This article describes a method for creating sliders composed of two pieces of wood. The slider described here is for the Cheiroballistra, but the process is pretty generic.
The idea is that the back of the slider which houses the triggering mechanism is made from hardwood for durability, and the front-end of the slider from softer wood to reduce weight. Here I've used elm for the back-end and pine for the front-end. The joint is a simple half lap splice joint, which is adequate for this purpose, as the pieces are pushed against each other, never pulled apart with a significant force.
The process Edit
The front-end of the slider is made from two pieces of wood layered on top of each other in staggered fashion. The same end result could have been reached using one piece of wood with some patience and care. The dovetail shape was made the same way as described in the Making sliders article. The end result is shown below on the right:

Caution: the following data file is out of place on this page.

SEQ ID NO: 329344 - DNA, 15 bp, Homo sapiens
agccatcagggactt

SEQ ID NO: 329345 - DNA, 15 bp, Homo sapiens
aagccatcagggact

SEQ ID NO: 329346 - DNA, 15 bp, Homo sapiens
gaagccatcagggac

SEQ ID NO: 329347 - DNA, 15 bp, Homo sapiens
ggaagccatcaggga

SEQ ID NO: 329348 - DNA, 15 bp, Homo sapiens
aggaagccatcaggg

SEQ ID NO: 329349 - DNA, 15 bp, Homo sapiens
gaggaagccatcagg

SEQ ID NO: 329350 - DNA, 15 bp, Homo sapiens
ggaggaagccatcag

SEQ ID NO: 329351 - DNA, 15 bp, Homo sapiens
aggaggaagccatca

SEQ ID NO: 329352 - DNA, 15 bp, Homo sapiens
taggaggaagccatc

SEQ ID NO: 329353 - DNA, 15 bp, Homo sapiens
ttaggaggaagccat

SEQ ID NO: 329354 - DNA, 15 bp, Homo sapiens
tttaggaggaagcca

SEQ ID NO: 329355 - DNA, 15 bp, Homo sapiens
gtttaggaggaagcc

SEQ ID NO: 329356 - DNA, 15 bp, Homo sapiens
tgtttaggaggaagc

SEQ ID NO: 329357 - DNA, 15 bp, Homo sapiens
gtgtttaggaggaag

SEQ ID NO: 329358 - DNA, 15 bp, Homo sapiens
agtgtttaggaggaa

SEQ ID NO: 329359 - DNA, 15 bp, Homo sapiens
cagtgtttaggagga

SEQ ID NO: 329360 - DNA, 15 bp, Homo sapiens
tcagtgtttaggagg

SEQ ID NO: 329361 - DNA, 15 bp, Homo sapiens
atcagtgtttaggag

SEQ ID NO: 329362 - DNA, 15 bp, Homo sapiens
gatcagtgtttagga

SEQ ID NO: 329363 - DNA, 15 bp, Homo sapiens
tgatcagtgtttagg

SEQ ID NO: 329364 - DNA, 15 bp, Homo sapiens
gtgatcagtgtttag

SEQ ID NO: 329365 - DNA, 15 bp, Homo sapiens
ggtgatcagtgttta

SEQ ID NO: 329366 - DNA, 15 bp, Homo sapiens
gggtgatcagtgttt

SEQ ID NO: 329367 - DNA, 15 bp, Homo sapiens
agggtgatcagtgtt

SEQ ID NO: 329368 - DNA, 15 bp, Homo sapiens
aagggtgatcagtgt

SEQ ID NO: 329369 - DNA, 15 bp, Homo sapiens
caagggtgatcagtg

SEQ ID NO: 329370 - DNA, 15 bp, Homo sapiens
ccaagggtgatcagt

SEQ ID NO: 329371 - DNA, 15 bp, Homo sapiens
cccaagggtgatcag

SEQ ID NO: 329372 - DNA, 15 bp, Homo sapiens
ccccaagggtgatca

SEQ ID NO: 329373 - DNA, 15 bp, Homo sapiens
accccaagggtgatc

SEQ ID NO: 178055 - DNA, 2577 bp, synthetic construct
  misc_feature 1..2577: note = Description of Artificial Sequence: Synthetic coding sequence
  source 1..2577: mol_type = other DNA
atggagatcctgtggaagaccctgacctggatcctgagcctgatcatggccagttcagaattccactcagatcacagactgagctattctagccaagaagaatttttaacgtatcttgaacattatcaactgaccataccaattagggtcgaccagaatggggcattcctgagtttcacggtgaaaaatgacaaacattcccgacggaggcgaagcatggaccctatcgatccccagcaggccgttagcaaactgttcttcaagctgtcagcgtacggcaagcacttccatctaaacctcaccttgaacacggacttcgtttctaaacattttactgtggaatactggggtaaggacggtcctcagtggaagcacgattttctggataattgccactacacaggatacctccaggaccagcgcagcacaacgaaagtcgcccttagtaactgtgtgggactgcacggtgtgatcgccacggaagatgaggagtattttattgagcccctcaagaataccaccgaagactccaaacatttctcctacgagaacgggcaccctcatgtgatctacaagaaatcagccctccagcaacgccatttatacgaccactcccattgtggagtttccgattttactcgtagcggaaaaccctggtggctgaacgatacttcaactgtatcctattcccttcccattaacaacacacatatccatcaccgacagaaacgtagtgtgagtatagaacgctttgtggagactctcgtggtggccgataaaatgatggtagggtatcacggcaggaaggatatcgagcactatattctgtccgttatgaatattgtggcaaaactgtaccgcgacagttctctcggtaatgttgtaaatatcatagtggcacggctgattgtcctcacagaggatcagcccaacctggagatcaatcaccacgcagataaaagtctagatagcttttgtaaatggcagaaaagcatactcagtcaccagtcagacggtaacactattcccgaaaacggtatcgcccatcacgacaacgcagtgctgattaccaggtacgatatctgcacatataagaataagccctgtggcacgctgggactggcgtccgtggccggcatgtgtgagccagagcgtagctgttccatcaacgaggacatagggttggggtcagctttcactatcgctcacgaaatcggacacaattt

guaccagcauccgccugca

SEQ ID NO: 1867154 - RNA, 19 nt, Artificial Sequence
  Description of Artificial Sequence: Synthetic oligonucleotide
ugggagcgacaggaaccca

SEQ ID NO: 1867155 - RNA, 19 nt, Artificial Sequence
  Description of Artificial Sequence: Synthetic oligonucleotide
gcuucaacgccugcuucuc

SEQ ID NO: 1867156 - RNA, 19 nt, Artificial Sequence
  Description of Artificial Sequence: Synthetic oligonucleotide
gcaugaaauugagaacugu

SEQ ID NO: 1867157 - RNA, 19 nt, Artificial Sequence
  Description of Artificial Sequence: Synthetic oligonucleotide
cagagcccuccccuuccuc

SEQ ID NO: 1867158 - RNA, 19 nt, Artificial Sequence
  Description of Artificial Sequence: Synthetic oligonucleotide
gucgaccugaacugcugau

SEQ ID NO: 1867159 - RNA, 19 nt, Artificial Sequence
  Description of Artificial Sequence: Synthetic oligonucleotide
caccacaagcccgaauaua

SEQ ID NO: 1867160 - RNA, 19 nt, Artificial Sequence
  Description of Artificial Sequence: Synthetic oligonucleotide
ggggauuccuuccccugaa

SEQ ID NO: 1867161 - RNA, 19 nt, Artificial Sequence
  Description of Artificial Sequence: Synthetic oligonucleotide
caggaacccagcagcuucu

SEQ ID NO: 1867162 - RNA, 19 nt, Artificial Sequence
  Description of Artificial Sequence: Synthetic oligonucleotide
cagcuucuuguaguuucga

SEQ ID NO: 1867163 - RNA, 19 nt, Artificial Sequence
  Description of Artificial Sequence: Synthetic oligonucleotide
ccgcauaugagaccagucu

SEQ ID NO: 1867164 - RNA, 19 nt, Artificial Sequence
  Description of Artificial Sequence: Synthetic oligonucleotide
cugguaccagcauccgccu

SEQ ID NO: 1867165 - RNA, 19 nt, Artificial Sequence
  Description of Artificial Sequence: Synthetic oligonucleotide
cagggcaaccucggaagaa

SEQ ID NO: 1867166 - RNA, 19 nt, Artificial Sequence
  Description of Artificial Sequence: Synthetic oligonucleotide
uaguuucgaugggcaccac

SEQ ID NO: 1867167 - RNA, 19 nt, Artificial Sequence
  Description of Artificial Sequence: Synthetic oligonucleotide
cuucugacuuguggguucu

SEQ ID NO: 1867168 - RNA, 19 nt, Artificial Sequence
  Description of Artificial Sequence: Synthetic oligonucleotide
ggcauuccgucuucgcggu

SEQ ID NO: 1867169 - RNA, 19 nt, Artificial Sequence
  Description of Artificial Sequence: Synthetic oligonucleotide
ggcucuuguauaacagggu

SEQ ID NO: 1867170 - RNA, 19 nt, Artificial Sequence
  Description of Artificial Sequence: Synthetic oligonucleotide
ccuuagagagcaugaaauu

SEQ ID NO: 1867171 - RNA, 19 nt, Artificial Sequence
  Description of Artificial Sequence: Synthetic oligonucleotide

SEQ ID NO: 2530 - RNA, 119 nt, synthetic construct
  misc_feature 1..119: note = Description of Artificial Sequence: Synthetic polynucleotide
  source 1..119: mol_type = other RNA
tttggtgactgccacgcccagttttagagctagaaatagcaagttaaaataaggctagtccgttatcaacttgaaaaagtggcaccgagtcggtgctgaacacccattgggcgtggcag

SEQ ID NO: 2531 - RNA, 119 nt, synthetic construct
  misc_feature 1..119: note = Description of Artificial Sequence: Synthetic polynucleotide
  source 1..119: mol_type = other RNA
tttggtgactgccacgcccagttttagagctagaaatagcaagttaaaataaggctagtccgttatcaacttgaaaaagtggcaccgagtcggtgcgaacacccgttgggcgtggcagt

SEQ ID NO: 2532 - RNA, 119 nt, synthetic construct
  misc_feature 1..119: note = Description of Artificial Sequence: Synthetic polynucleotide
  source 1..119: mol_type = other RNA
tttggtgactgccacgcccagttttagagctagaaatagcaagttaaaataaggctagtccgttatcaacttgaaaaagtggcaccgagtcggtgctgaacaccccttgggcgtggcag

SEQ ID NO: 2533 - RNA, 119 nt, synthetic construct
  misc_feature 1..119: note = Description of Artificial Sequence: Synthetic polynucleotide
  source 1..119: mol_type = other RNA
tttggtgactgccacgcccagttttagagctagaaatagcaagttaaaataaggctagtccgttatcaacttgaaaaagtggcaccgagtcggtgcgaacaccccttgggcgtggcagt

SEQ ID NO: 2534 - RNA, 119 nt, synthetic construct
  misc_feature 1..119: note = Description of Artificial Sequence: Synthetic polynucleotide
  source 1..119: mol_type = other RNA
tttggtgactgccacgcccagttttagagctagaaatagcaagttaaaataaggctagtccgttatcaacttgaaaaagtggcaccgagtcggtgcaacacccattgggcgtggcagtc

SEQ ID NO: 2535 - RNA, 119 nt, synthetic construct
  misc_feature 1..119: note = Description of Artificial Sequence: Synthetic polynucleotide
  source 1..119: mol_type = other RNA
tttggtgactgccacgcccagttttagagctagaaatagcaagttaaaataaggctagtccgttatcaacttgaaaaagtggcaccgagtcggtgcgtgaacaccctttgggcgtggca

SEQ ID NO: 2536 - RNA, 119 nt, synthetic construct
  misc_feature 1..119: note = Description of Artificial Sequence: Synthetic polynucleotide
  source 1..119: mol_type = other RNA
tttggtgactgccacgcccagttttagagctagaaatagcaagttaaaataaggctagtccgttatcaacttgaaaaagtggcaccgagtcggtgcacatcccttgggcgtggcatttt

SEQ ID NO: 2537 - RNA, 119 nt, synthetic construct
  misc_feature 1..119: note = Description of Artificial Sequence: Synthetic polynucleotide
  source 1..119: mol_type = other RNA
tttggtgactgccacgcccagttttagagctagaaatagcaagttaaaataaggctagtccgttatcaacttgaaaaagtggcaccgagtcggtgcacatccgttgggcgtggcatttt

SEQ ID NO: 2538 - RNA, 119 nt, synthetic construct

Here is the slider's male dovetail between the female dovetail of the case:
Next make the back-end of the slider from hardwood (here elm). It needs to be staggered so that it overlaps the front-end. Notice how the front-end of the slider is higher than necessary at this point:
Now drill the holes for wooden dowels that help bind the band-end and front-end together:
Apply glue to the joins and wooden dowels, and force the dowels into the slider. Apply pressure and let the glue dry properly.
Next plane the top surface of the slider to correct height. The roughly form the groove for the bolt. At this point the slider should look like this:
The round guiding hole for the fork and tenon has already been marked to the back-end:
What remains is some planing and lots of sanding so that all slider surfaces are smooth. The front of the slider should rounded quite a bit so that it does not split easily:
And here a the hole has been drilled already: